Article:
Questions About Compliance
What is the FCRA?
The FCRA is the federal Fair Credit Reporting Act, which can be found at 15. U.S.C. § 1681. A copy of the FCRA can be found here.
What are my obligations as an employer or a potential employer under the FCRA?
Clients who use our background screening services have several obligations under the the federal Fair Credit Reporting Act (FCRA), such as:
- Only requesting and using consumer reports (aka background checks) for a permissible purpose;
- Complying with the FCRA, related state laws, and Equal Employment Opportunity laws;
- Providing consumers with proper disclosures and receiving written authorization prior to requesting a report;
- Following the Adverse Action Process prescribed by the FCRA; and
- Keeping consumers' (aka applicants') private information secure and confidential.
For more information, you can view the “Notice to Users of Consumer Reports: Obligation of Users Under the FCRA” published by Consumer Financial Protection Bureau (“CFPB”) here.
Do I have to get consent from a consumer before ordering a consumer report?
Yes. The FCRA requires clients who request reports for employment purposes to receive written consent from the applicant or employee before ordering a report from us. ESS recommends that all clients receive written authorization before requesting consumer reports from us through our online portal. ESS does offer an automated, mobile friendly process called Swifthire to capture the consent from the applicant. For more information contact your Sales Representative or Account Manager.
What is the FCRA's Adverse Action Process?
To summarize this process, you must provide consumers for which you intend to take an adverse action due to the results from one of our reports with a "Pre-Adverse Action" notice. This notice must inform the consumer that you intend to take an adverse action due to the report and must contain ESS's contact information. This will allow the consumer to contact ESS and dispute any inaccurate information that may be contained in their report before you make your final decision. If you decide to go forward with the adverse action, you must provide the consumer with an additional notice stating that fact. You must wait a reasonable time in between providing these two notices (no less than 5 business days. You can find more information about the Adverse Action Process required by the FCRA here.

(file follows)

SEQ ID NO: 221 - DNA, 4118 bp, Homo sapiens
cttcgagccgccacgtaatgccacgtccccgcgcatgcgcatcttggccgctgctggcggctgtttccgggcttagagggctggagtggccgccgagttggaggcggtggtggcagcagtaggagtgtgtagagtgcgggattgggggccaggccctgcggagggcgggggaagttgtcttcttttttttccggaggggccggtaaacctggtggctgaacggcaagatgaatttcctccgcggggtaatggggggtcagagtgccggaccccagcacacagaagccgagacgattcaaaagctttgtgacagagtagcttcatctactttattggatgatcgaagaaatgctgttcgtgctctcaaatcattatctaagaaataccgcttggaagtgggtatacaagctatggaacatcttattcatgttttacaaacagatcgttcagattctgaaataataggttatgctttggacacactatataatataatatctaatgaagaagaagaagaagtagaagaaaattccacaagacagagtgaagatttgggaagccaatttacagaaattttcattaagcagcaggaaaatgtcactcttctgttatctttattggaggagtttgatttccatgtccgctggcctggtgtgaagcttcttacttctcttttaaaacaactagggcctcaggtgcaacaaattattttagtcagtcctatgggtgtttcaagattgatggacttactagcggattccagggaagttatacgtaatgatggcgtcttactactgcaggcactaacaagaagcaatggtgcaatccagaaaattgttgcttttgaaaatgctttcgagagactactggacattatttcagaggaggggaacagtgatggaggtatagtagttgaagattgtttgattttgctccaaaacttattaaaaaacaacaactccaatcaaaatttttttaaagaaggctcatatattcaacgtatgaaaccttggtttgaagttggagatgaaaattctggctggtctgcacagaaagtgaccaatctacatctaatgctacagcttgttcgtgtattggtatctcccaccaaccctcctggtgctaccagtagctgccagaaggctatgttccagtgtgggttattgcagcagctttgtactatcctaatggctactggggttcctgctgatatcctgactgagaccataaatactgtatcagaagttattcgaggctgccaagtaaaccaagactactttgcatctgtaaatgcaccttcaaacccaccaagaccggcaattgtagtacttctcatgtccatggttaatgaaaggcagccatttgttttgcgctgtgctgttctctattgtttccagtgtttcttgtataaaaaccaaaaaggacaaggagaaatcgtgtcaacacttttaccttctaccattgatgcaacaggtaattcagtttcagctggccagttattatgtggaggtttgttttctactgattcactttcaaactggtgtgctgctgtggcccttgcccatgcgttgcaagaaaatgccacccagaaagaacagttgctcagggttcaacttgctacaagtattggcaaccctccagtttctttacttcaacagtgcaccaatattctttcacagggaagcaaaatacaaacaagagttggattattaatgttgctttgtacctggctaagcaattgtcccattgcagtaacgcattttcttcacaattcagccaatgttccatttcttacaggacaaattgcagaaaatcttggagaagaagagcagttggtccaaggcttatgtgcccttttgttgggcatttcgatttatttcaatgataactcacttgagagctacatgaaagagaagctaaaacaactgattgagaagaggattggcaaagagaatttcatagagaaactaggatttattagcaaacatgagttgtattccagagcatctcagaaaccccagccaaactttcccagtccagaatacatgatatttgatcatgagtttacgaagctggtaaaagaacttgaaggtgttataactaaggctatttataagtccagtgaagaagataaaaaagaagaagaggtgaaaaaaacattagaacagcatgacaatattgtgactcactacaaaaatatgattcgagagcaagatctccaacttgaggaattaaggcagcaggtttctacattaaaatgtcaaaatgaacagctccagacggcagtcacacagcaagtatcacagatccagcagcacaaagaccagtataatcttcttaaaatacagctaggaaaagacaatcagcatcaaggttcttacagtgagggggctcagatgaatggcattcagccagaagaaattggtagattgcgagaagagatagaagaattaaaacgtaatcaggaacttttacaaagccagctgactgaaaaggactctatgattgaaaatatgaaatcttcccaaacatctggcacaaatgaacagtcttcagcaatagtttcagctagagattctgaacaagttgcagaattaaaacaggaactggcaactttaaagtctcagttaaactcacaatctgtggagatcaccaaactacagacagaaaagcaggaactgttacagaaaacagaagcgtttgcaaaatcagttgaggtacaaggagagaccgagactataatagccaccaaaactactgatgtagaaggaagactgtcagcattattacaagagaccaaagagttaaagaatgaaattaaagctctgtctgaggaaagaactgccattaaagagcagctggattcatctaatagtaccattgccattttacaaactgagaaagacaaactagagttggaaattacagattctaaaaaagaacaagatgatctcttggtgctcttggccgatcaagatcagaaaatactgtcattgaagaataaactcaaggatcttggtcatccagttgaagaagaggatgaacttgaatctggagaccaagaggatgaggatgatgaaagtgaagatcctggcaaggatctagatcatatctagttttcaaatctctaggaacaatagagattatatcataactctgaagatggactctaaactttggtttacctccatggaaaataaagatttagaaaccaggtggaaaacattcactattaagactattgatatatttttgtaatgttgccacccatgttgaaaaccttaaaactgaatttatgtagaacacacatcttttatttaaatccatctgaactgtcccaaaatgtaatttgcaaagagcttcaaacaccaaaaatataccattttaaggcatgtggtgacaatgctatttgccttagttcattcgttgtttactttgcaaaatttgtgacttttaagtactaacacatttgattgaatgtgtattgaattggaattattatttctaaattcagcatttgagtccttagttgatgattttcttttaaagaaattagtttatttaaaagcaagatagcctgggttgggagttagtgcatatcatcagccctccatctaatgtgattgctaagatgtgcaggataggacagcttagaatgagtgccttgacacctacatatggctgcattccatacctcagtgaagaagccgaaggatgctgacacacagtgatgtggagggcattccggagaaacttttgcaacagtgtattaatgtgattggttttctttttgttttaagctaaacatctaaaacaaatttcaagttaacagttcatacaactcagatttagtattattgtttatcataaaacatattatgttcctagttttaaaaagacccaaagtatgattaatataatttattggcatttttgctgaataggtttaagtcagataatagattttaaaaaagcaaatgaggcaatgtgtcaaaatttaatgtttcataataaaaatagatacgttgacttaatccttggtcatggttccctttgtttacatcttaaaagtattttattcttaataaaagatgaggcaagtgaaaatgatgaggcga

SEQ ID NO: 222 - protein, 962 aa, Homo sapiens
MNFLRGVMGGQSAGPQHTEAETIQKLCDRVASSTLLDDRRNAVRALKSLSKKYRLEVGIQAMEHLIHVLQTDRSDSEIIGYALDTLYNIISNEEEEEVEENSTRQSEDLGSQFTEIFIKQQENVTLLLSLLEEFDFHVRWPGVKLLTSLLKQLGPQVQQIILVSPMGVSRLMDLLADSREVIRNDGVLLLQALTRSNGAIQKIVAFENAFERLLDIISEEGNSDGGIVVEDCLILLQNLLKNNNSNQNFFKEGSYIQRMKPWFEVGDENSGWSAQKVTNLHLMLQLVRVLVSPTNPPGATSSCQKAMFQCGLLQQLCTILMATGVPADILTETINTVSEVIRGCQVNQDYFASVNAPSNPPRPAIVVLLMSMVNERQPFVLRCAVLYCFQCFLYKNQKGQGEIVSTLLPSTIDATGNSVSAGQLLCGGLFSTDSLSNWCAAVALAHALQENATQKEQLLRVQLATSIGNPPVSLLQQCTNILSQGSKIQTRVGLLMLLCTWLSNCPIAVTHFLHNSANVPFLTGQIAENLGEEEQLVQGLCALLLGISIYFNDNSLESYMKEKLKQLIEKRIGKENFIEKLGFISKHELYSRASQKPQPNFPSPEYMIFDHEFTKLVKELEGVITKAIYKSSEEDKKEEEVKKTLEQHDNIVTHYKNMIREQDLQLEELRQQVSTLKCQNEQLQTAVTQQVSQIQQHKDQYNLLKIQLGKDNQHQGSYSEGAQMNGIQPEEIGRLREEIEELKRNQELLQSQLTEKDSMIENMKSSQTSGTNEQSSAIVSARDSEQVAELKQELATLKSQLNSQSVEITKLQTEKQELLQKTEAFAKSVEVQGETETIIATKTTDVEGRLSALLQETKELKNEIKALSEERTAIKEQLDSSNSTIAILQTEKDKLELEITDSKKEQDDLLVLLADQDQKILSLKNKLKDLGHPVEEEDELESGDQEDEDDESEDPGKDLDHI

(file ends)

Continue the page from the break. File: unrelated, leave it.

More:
Why do I have to wait at least 5 business days before sending the final adverse action notice?
The FCRA requires employers to wait a "reasonable amount of time" after sending the first notice before you may send the final adverse action notice. This is to allow consumers to take advantage of our dispute process. Official guidance suggests that 5 business days is probably a reasonable amount of time, but please be aware that state laws may require you to wait longer.
What disclosures am I required to my make to applicants and employees under the FCRA before I order a report about them?
The FCRA requires employers or prospective employers to provide a disclosure before you request a consumer report and a disclosure before you request an investigative consumer report regarding any applicant or employee. Consumer report disclosures must be provided in a stand-alone document consisting only of the disclosure. Investigative consumer reports must be provided any time you request a service from us that could involve interviews someone the consumer knows or has been acquainted with, such as employment verifications or reference checks. Please consult your legal counsel for more information regarding FCRA-required disclosures.
When do I need to provide applicants with state-required consumer disclosures?
ESS suggests providing all state-required disclosures to the applicant if the applicant either lives in the state or if the applicant has applied to work in the state. However, you should consult with your legal counsel to determine the best way to handle providing any legally-required disclosures.
Where can I find sample disclosure and authorization forms?
You can find examples of these forms here.
What is the "Summary of Rights" and why do I have to provide it to my applicant/employee?
A Summary of Your Rights Under the Fair Credit Reporting Act is a notice published by the FTC and the CFPB. You are required by the FCRA to provide a copy of this form to consumers under several circumstances, such as when you take adverse action. For an updated copy of this form, please click here.